White gold rings may sometimes start to appear yellow or have a yellow tinge. The reason for this is that pure gold (24K) is yellow. There is no such thing as 24K white gold. All gold starts off yellow, then alloys are mixed with it to determine its colour. Something like mixing paint. What can happen is that the yellow gold in the ring, because it is heavier than the alloys, will start to separate from the alloy and come to the surface. The ring now looks “yellow”. Also, white gold rings are typically plated in rhodium, a white metal. When the rhodium starts to wear off, the ring may start to look yellow. Recently, advances in the development of alloys have produced new types of white gold alloy. One example is alloy containing Palladium. Although it is a more expensive alloy to use, it produces a white gold ring that does not turn yellow. Different manufactures have other processes as well. Some of these work quite well to alleviate this problem.

If your white gold ring is starting to look yellow, it can be polished and re-rhodium plated so that it will look new again.

If you have questions about jewellery, please let us know. We can be reached by e-mail at, or via facebook (, or twitter (@exquisite gold). If you are in the area, please drop by our showroom at 1094 Memorial Ave, Thunder Bay, Ontario, Canada.

Exquisite Gold & Gems Inc

How can I tell if my jewellery is gold, silver or another metal?

Most jewellery is stamped somewhere on its surface. On rings it is typically on the inside of the shank, but, can also be under the head or sometimes on the outside of the shank at the back or side of the ring. Earrings with ear wires or posts may have the stamp on the wire part of the earring. Pendants may have the stamp somewhere on the main section or may have the bale stamped. Precious metal jewellery made in Canada MUST, by law have a quality mark and a manufacturer’s trademark on the item as a minimum or NO stamp at all. That means it must have either both marks, or neither. In some countries, EACH link of a gold chain must have a karat stamp and manufacturer’s trademark. This is not required in Canada. If your jewellery has no marking, or, if you are unsure that the mark is correct, we can test the karat of the jewellery and tell you gold content. There is a small charge for this service; typically $10 per item.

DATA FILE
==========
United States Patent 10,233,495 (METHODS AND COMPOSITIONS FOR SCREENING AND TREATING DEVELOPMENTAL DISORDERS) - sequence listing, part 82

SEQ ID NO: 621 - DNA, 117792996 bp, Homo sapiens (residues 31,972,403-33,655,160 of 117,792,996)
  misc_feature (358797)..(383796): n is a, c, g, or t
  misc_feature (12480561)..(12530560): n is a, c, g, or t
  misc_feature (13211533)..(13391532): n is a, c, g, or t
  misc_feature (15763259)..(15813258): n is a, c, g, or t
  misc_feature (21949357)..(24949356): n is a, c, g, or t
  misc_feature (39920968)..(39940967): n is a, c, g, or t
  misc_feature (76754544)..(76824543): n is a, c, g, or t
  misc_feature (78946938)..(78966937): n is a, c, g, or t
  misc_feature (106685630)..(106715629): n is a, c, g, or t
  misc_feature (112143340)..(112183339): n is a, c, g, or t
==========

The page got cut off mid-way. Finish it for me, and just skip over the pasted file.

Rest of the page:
10 karat gold will usually be stamped 10k or 417. 10k means that the item is 10 parts in 24 gold, and the remaining 14 parts in 24 is alloy. 10/24=.417 which means that the item is 41.7% gold. This is why some 10k gold is stamped 417. Just as an aside, it is the metals in the alloy that determine the colour of the gold; typically yellow, white, or rose (pink).

Similarly, 14k gold may be stamped 583, 18k gold may be stamped 750, and 22k gold may be stamped 917. Because 24k gold is very soft, jewellery is seldom made in pure 24k gold.

Sterling Silver is usually stamped 925 or Sterling. 925 or Sterling means that the item is 92.5% silver and the remaining 7.5% is alloy.

If you have questions about jewellery, please let us know. We can be reached by e-mail at, or via Facebook (, or twitter (@exquisite gold). If you are in the area, please drop by our showroom at 1094 Memorial Ave, Thunder Bay, Ontario, Canada.

Exquisite Gold & Gems Inc